When he cut the cord with that other sport, Samardzija eliminated an irreplaceable piece of his life. He knew he would miss the spectacle of game day, all of those college football Saturdays that he treasured and all of those NFL Sundays that he never would experience. Daydreaming maybe was the most difficult part, because he couldn't tame all of those wild thoughts, and he sure as heck had questions piling up that couldn't be answered.
The Cubs picked Samardzija in the fifth round of the 2006 MLB draft (149th overall). After his senior season at Notre Dame, he signed a five-year, $10 million deal. One predictable stipulation: If he returned to football, he would have to pay most of that money back to the Cubs.
At the time, Quinn was not shocked by Samardzija's decision.
"Jeff was always going to be successful whatever he chose," says Quinn, now a college football and NFL analyst for Fox Sports. "The type of athlete he was, his determination, whether it was football or baseball, he was going to be successful.
"Obviously, the financial aspect of baseball was better. He saw that, and you're seeing that now."
As Samardzija pitches today, ensconced in the Giants rotation, his smile comes easy and things are comfortable. But it certainly wasn't always this way. From 2008-10, the Cubs kept calling his number on fly patterns that routed him from the major leagues to the minors.
Whatever he did in the Cubs' system—start, relieve—he couldn't find permanence in the bigs. Meanwhile, Johnson reached his first of six NFL Pro Bowls in 2010. Bush's New Orleans Saints won the Super Bowl in 2010. That so many of his former football measuring sticks were thriving wasn't making it any easier.
"Really, '09 and '10 were tough years for me," Samardzija says. "That's probably the closest I ever came to heading back to football. But having the confidence of the front office at the time, and that was Jim Hendry, Randy Bush and Lou Piniella as my manager, all the feedback I kept getting from them was fight it out, it's going to be a rough go in the beginning because you're so far behind."
Though he debuted in the Cubs' system in 2006 with Class A affiliates in Boise, Idaho, and Peoria, Illinois, he skipped the Instructional League that fall for his senior season at Notre Dame. At that point, football always had been the dominant sport for Samardzija, shading the sunlight from the rest of his life.
"You miss a lot," he says of playing catch-up in baseball. "So I needed to learn a little bit more, have faith that there was a reason [the Cubs] signed me, and sometimes you've got to have that behind you to push you through the tough times."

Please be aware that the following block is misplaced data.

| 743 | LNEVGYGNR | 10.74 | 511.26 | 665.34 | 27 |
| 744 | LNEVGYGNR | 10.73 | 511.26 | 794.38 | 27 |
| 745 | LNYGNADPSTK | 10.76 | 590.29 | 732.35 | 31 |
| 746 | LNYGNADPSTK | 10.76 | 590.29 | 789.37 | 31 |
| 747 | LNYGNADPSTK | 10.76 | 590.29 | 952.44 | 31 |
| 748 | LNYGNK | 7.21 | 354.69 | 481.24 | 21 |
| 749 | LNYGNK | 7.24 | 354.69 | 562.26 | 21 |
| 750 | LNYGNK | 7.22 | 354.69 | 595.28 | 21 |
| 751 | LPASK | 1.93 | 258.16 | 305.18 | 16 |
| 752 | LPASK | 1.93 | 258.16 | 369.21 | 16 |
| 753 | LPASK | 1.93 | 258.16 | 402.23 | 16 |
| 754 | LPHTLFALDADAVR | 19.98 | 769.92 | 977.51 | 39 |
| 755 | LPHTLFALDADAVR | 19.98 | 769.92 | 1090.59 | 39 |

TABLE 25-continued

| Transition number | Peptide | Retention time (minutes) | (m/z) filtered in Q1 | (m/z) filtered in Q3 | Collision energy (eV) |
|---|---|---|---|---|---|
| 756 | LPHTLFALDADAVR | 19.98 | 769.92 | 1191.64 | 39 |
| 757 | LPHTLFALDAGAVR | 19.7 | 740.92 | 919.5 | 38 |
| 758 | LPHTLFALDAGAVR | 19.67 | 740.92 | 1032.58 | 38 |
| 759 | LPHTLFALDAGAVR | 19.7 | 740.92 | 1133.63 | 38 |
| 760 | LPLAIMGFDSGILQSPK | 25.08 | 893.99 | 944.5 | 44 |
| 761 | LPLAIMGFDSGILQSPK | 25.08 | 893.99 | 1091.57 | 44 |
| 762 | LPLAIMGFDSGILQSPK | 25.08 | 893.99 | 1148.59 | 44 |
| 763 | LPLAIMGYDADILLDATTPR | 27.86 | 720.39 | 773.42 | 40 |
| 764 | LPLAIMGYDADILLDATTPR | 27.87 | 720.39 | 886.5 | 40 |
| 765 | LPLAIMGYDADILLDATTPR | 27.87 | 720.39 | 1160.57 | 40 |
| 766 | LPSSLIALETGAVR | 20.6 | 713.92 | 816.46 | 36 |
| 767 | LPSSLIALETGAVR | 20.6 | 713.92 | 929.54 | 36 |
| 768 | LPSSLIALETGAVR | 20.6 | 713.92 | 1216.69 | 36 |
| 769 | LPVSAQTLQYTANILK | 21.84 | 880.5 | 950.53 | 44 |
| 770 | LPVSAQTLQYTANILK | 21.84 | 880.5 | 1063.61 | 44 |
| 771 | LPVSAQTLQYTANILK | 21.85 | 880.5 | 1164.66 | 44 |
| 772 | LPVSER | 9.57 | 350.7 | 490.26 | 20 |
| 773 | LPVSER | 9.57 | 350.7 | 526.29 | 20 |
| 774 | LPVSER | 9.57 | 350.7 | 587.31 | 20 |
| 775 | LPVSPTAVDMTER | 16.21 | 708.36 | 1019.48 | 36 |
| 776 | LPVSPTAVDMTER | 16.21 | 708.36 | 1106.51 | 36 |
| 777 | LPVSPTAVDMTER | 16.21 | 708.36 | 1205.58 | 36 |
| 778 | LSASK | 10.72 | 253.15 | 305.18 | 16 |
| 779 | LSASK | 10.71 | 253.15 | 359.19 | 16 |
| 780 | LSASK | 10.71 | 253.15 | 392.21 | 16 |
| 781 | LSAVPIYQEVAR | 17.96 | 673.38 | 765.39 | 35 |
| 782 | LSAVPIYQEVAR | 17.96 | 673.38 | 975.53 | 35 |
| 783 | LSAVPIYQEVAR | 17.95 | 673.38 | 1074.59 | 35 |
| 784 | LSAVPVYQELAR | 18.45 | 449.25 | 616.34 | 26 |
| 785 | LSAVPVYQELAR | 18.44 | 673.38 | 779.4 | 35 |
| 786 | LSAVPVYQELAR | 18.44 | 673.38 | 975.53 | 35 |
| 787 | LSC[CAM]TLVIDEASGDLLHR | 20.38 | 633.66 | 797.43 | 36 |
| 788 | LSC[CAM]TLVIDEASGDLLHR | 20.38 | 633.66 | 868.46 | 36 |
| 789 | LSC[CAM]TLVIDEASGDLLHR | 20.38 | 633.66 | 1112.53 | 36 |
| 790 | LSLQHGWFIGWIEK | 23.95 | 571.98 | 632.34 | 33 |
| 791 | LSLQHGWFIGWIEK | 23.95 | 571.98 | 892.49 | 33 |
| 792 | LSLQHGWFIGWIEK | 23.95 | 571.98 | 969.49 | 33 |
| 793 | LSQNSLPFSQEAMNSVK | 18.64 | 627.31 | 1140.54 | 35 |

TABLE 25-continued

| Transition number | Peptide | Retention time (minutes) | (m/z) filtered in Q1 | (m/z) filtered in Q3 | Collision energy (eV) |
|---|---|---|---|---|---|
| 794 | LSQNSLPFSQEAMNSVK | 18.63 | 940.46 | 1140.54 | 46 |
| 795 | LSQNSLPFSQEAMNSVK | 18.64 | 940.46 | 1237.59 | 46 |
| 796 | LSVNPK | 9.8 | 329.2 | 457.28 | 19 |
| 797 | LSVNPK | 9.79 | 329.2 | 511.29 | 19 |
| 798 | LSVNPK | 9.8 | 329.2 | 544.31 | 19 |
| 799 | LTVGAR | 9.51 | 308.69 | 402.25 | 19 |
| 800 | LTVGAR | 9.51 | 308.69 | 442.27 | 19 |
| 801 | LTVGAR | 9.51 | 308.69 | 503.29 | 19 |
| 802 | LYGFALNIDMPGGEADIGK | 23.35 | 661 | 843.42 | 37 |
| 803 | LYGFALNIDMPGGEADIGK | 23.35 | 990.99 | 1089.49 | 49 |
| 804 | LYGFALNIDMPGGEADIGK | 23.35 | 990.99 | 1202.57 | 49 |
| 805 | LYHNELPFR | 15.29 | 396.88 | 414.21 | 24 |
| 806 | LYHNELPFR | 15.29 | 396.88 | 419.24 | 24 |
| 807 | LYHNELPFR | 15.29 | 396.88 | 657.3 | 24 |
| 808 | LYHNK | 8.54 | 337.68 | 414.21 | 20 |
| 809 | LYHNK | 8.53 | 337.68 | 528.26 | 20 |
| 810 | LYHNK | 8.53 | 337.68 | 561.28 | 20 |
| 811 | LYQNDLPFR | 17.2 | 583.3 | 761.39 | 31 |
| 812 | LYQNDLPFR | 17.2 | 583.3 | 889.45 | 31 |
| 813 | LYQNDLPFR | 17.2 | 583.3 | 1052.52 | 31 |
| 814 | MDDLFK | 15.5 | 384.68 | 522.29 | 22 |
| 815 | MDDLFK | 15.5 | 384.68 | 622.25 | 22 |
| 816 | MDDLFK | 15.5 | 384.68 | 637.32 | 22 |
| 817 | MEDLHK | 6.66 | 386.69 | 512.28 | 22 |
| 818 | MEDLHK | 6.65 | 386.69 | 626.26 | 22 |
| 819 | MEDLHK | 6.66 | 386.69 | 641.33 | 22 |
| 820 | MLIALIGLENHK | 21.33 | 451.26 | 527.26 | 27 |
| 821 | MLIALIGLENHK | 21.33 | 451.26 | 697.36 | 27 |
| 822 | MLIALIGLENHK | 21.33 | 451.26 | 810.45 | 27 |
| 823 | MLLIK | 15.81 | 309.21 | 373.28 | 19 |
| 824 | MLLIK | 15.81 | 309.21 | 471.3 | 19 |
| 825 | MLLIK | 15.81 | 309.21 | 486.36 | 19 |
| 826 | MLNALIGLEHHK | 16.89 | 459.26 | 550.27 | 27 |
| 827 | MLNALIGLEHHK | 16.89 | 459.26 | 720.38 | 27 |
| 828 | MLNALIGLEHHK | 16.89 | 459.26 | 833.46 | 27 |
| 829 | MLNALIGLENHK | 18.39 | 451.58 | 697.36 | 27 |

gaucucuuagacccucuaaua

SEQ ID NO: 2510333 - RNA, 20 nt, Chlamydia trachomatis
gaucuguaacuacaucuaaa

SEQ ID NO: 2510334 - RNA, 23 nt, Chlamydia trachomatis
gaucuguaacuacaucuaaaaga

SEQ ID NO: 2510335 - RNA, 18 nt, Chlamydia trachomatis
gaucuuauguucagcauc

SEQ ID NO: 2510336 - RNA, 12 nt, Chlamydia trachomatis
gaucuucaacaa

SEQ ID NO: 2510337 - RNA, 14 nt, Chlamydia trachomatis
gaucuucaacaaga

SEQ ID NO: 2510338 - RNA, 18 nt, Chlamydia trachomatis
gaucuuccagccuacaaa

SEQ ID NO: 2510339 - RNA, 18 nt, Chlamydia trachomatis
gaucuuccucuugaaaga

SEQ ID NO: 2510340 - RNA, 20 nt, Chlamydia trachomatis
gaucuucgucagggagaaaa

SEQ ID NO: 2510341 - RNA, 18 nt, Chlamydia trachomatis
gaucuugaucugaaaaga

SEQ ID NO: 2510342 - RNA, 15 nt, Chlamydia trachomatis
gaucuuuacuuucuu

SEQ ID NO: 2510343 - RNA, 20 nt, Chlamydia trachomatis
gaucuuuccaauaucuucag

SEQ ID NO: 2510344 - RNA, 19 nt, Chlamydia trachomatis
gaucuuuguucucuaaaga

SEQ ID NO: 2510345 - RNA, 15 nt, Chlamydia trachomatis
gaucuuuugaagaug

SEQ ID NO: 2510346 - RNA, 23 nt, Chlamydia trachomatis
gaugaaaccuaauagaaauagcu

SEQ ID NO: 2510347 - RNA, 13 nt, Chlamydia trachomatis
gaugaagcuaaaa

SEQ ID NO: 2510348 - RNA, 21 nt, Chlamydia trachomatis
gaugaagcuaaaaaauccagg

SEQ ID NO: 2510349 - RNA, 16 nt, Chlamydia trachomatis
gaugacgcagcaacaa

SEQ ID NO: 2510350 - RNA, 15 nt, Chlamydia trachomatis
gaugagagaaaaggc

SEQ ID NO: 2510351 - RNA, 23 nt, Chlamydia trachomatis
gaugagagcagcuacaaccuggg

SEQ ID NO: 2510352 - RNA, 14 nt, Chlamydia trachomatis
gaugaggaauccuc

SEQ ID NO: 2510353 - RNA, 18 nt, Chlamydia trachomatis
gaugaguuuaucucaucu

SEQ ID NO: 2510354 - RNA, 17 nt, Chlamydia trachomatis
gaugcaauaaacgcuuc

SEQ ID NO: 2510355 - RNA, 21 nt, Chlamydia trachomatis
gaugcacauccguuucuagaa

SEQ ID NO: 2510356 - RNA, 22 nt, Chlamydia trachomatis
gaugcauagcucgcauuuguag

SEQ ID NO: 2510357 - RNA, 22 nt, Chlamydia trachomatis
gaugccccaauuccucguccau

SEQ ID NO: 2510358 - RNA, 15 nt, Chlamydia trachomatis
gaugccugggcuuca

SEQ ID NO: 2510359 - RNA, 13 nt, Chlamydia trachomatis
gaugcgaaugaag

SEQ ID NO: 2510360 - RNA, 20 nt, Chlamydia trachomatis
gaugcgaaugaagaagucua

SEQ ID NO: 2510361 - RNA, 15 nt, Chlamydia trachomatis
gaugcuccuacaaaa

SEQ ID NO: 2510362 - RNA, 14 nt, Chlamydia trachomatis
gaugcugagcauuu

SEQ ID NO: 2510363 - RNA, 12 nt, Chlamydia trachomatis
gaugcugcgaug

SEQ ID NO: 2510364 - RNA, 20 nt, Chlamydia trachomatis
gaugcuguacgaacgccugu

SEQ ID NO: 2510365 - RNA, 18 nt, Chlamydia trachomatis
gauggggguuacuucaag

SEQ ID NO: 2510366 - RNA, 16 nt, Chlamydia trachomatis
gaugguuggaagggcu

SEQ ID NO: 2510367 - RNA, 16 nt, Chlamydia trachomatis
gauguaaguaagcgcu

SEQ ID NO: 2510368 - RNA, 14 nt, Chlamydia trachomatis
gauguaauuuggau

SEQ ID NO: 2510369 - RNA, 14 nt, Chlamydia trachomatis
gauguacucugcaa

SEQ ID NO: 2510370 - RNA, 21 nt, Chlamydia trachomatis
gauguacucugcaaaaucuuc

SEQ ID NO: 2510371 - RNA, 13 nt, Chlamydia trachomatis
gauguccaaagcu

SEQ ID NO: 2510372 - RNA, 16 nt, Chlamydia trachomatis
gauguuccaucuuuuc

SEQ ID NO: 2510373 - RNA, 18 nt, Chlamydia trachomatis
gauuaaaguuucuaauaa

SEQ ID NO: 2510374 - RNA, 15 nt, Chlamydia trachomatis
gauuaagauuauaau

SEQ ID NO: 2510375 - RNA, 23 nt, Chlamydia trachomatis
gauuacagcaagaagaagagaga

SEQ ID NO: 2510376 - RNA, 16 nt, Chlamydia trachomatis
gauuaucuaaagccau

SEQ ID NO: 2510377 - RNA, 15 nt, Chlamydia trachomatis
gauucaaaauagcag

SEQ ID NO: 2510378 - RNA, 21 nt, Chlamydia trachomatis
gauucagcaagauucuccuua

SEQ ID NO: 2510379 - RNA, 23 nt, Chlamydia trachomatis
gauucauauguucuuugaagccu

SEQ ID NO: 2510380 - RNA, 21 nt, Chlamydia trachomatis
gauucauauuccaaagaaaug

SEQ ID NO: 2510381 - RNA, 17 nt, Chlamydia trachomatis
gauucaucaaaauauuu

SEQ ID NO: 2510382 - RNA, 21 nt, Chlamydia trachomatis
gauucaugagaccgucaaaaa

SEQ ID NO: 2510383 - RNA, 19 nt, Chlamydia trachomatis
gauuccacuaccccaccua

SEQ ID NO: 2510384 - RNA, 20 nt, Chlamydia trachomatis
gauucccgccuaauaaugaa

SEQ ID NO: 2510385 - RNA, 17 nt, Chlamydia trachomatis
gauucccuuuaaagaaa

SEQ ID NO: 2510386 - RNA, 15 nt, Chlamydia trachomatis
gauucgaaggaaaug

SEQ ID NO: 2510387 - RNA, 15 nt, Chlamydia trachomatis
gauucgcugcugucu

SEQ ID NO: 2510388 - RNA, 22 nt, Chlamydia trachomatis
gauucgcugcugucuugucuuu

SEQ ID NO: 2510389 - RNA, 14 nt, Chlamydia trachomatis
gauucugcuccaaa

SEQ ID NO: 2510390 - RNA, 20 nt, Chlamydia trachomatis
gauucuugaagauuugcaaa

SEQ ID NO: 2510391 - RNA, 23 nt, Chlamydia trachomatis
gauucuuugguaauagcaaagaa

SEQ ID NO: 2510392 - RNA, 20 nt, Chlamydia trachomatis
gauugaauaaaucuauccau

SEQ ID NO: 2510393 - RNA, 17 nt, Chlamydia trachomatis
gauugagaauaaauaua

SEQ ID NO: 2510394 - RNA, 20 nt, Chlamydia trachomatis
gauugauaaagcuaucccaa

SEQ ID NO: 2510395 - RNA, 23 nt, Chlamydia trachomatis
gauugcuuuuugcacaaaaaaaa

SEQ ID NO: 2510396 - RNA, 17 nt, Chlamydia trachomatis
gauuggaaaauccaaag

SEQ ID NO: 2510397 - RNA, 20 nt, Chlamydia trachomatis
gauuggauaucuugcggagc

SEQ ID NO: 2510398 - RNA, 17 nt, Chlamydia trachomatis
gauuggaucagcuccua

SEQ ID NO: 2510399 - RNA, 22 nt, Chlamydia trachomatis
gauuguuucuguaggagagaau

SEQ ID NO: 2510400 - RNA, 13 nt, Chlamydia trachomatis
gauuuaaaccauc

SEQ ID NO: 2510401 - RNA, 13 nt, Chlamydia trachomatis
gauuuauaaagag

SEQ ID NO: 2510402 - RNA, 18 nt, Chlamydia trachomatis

And few tested him more than a meeting with Piniella in April 2010. The Cubs were in New York for a series against the Mets, and though he had broken camp with the big club, Samardzija was summoned into the manager's CitiField office and told he was being optioned back to the minors. Again.
Not since he walked off the field for the final time at Notre Dame following a 41-14 Sugar Bowl drubbing by Louisiana State University on Jan. 3, 2007, had football looked so temptingly nostalgic.
"That's probably the closest I got," Samardzija says. "I was 25, still felt good, was still in shape and there was still a demand for me. [Football] teams were calling all the time.
"But for me, it came down to that moment where I didn't always want to be in the middle. I didn't want to give a little time to baseball, have it not work out, go to football and be behind because I hadn't played in three years and then be mediocre at that."
He had paid attention as others tried to play two sports, only to sink in the quicksand of indecision.
There was Drew Henson, the University of Michigan quarterback who pulled the ripcord on a sputtering minor league career in the New York Yankees' system for the NFL, only to bounce from Dallas to Minnesota to Detroit as he failed to catch up with his bright football past.
And there was Chad Hutchinson, the Stanford University quarterback who struggled in the minors with the St. Louis organization, pitched in three games for the Cardinals in the bigs, re-directed his career to the Dallas Cowboys, flamed out, played briefly for the Rhein Fire in NFL Europe to sharpen his quarterbacking mechanics, and then signed with the Chicago Bears but lasted less than a season.
"I had an opportunity to talk with Hutchinson's brother [Trevor, who briefly was a pitcher in the Miami Marlins' organization], who told me Chad always wished he would have stuck it out in baseball for six or seven years to give it his due diligence," Samardzija says.
"I always remember things like that. But it's tough when you get sent back to Triple-A for the fourth time and you do have a football career in the back of your mind."
When the NFL phoned in 2010, sharks sniffing blood in the Shark's baseball waters, he broached the idea with his agent.
"And then every time I'd sleep on it, I'd wake up the next day and realize I didn't want to quit something just because it wasn't going well," he says. "The Cubs committed a lot to me as a team, and to take the $3 or $4 million they'd given me to that point and then walk without giving them anything in return didn't sit too nice with me, either. I owed it to them to show what I can do, and I owed it to myself, too.